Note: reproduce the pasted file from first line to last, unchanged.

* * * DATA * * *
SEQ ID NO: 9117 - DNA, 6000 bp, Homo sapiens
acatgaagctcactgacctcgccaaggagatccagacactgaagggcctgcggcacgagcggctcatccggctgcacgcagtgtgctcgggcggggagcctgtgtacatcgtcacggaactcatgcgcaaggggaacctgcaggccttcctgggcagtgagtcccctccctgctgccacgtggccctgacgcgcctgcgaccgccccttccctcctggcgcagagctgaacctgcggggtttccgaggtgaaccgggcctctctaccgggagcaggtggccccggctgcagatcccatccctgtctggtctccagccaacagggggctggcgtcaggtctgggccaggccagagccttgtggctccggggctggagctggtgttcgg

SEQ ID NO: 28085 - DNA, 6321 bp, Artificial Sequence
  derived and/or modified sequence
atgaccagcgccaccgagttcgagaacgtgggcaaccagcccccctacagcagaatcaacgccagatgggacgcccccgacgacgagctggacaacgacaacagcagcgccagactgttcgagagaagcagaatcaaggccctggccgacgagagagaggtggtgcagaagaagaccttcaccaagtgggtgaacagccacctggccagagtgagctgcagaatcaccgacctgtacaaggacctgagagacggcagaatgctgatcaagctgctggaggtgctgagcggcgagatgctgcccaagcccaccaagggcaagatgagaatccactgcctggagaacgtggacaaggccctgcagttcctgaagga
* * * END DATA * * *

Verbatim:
SEQ ID NO: 9117 - DNA, 6000 bp, Homo sapiens
acatgaagctcactgacctcgccaaggagatccagacactgaagggcctgcggcacgagcggctcatccggctgcacgcagtgtgctcgggcggggagcctgtgtacatcgtcacggaactcatgcgcaaggggaacctgcaggccttcctgggcagtgagtcccctccctgctgccacgtggccctgacgcgcctgcgaccgccccttccctcctggcgcagagctgaacctgcggggtttccgaggtgaaccgggcctctctaccgggagcaggtggccccggctgcagatcccatccctgtctggtctccagccaacagggggctggcgtcaggtctgggccaggccagagccttgtggctccggggctggagctggtgttcgg

SEQ ID NO: 28085 - DNA, 6321 bp, Artificial Sequence
  derived and/or modified sequence
atgaccagcgccaccgagttcgagaacgtgggcaaccagcccccctacagcagaatcaacgccagatgggacgcccccgacgacgagctggacaacgacaacagcagcgccagactgttcgagagaagcagaatcaaggccctggccgacgagagagaggtggtgcagaagaagaccttcaccaagtgggtgaacagccacctggccagagtgagctgcagaatcaccgacctgtacaaggacctgagagacggcagaatgctgatcaagctgctggaggtgctgagcggcgagatgctgcccaagcccaccaagggcaagatgagaatccactgcctggagaacgtggacaaggccctgcagttcctgaagga